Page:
Option trading can be a lucrative, but it's also complex and nuanced. Understanding all the different factors that impact an option's price - collectively called "the Greeks" -- is critical. And, one of the most important but often ignored Greeks is Vega.
Simply put, Vega (also known as kappa or lambda) measures the sensitivity of an option's price to changes in the implied volatility of the underlying asset. Specifically, Vega measures the change in an option's price for every 1% change in the implied volatility of the underlying asset. Expressed as a decimal number, its value can be positive or negative. A positive Vega means that the option's price will increase as implied volatility increases, while a negative Vega means that the option's price will decrease as implied volatility increases. For example, if an option has a Vega of 0.20 and the implied volatility of the underlying asset increases by 1%, the option's price is expected to increase by 0.20. Conversely, if the implied volatility decreases by 1%, the price of the option is expected to decrease by 0.20.
And this positive/negative spectrum sets the stage for one of several practical uses of the Greek -- if a trader expects the implied volatility of the underlying asset to increase, they may want to buy options with a positive Vega, as the price of these options will increase as volatility increases. Conversely, if a trader expects the implied volatility of the underlying asset to decrease, they may want to buy options with a negative Vega, as the price of these options will decrease as volatility decreases.
Even when your prospective options sport positive Vegas, however, there's value in the Greek. If a trader is bullish on the underlying asset and expects the implied volatility to increase, as an example, they may want to buy a call option with a high Vega to maximize their potential profit. Alternatively, if a trader is bearish on the underlying asset and expects the implied volatility to decrease, they may want to buy a put option with a high Vega to profit from the expected decrease in implied volatility.
These aren't the only practical consideration option traders can embrace with Vega, however. This Greek can also help you manage risk.
When you buy an option, you are essentially betting on the direction of the underlying asset's price movement. However, even if you are correct about the direction, your trade can still lose money if implied volatility changes unexpectedly. To mitigate this risk, consider buying options with a low Vega, since they will be less affected by changes in implied volatility.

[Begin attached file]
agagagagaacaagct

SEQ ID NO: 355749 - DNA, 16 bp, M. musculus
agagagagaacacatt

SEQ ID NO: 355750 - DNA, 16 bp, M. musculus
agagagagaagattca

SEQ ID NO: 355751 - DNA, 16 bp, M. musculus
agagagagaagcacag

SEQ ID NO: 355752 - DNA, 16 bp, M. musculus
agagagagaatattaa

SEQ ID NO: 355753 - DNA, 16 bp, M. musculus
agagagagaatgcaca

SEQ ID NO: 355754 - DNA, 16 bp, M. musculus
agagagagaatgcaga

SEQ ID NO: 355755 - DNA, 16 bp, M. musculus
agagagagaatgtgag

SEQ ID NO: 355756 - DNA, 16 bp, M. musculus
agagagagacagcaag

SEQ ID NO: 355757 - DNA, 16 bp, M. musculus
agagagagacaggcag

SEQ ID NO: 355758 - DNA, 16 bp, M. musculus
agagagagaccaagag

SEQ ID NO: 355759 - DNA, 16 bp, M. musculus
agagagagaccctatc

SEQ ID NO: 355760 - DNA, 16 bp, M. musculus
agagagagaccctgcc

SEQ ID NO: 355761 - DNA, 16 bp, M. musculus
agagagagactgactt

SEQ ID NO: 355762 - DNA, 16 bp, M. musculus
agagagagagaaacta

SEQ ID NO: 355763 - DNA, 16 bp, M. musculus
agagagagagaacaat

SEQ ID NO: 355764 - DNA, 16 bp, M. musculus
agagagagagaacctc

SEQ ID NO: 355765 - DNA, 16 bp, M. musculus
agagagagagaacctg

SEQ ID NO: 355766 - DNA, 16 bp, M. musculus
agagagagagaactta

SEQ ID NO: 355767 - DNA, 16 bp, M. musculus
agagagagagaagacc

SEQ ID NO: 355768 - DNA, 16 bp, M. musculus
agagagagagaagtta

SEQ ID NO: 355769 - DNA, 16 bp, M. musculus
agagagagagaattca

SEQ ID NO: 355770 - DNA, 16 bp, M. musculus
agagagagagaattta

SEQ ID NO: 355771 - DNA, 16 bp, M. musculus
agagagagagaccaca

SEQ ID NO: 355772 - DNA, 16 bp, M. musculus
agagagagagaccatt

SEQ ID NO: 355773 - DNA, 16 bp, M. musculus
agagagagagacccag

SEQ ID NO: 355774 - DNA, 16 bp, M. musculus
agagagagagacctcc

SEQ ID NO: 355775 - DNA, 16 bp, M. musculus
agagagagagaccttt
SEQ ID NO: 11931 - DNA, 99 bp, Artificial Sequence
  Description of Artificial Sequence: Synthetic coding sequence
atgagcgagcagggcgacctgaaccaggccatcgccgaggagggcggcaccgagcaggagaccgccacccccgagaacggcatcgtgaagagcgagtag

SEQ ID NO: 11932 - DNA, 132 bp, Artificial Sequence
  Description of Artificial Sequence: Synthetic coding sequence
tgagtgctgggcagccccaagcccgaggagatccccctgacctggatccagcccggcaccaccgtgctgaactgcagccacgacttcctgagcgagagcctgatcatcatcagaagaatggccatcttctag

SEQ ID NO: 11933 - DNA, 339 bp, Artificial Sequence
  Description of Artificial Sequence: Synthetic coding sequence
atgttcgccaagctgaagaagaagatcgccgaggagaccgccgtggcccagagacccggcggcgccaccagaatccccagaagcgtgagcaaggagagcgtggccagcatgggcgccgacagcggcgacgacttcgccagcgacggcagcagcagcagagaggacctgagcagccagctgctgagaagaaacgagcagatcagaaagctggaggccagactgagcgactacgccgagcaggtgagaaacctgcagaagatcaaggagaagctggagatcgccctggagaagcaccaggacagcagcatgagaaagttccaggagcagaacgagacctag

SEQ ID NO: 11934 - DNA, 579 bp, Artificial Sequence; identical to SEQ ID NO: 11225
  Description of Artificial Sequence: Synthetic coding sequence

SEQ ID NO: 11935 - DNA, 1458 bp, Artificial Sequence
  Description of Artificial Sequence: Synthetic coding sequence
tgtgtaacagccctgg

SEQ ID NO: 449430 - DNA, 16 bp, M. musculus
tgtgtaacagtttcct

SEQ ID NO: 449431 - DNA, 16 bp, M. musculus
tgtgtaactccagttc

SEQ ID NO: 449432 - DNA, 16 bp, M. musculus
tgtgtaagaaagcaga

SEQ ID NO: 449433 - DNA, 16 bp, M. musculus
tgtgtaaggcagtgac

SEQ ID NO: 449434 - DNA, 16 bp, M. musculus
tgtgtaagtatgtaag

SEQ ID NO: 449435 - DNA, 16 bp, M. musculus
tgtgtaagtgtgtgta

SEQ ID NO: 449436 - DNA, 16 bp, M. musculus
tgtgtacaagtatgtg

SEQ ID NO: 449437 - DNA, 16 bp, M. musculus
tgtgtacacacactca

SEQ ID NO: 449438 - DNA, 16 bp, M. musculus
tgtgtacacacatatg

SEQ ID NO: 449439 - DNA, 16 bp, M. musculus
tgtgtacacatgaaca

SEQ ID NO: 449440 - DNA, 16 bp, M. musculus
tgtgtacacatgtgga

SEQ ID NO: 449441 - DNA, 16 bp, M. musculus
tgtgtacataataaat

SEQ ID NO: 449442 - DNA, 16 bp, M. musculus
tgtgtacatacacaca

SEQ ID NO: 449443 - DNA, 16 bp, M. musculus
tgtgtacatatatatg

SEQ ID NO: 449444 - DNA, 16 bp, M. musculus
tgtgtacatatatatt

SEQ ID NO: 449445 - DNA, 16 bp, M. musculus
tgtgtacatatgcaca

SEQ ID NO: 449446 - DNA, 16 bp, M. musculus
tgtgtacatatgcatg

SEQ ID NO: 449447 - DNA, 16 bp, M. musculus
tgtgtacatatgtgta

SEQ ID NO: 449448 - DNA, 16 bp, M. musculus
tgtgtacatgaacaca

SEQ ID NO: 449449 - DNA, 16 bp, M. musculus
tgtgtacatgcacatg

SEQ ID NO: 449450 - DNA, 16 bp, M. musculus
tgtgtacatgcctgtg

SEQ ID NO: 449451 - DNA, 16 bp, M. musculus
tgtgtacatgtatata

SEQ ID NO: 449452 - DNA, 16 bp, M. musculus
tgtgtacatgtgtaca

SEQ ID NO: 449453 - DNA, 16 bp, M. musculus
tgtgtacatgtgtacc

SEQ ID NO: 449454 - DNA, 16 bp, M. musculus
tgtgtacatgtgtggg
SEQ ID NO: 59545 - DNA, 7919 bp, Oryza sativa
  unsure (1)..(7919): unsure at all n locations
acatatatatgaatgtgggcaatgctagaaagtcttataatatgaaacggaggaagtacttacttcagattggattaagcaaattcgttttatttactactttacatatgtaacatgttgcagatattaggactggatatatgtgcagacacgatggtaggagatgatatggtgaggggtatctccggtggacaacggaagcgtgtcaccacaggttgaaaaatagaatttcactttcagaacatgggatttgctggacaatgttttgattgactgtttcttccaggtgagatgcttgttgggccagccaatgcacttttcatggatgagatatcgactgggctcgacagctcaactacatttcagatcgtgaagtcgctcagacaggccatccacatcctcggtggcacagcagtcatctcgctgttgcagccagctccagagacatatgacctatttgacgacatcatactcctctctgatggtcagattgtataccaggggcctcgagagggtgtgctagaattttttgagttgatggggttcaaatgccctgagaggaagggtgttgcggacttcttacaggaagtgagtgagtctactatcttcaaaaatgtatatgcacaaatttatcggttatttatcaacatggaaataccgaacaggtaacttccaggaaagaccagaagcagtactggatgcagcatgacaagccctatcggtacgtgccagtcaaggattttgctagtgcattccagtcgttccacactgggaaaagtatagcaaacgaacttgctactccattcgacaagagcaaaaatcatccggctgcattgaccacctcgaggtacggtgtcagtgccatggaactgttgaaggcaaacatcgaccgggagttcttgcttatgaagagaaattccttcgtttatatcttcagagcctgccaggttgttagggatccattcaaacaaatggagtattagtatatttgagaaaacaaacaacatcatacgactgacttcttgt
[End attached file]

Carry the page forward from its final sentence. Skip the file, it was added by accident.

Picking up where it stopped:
Traders can also use Vega to adjust their positions to manage risk. For example, if a trader has a portfolio of options with a high overall Vega, they may want to sell some of those options or buy options with a low Vega to hedge against potential losses in the event of a significant change in implied volatility.
When you sell (or short) an option, you are essentially selling insurance to the buyer. If the underlying asset's price moves in the buyer's favor, you may have to pay out a large sum of money. However, if implied volatility decreases, the option price will also decrease, allowing you to buy back the option at a lower price and keep the premium as profit. To maximize this potential profit, consider selling options with a high Vega, since they will be more affected by changes in implied volatility.
Vega can also be used to help traders determine the appropriate strike price and expiration date for an option they're buying. As was already notes, if a trader expects volatility to increase significantly in the near future, they may want to buy an option with a longer expiration date and a higher strike price, as these options will have a higher Vega and will be more sensitive to changes in implied volatility. (Said another way, options with higher Vega are more sensitive to changes in implied volatility, which can make them more attractive to traders who anticipate changes in implied volatility.)
Like any other trading tool, Vega has its downsides. One of the biggies is the impact of the passage of time. Vega isn't a static value. As an option gets closer to expiration, its Vega tends to decrease. This is because there is less time for changes in implied volatility to affect the price of the option. This means that options with longer expirations will be more affected by changes in implied volatility than options with shorter expirations. If you tend to hold your option trades for a while, this can impact your overall profitability.
It's not a commonly-used tool. But, that's what makes it all the more powerful for the few traders that will make a point of incorporating Vega data into their trade selection and trade management.
That being said, it's absolutely possible to suffer from "paralysis analysis" by being a Vega stickler. Every trade has risks paired with rewards, and no trade is truly ideal. Consider it, but you shouldn't make it the centerpiece of your option trading activity. It's just one of many tools you should keep in your toolkit, with the goal of improving the average gain on each of your trades by just a few percentage points. Those nickels and dimes eventually add up.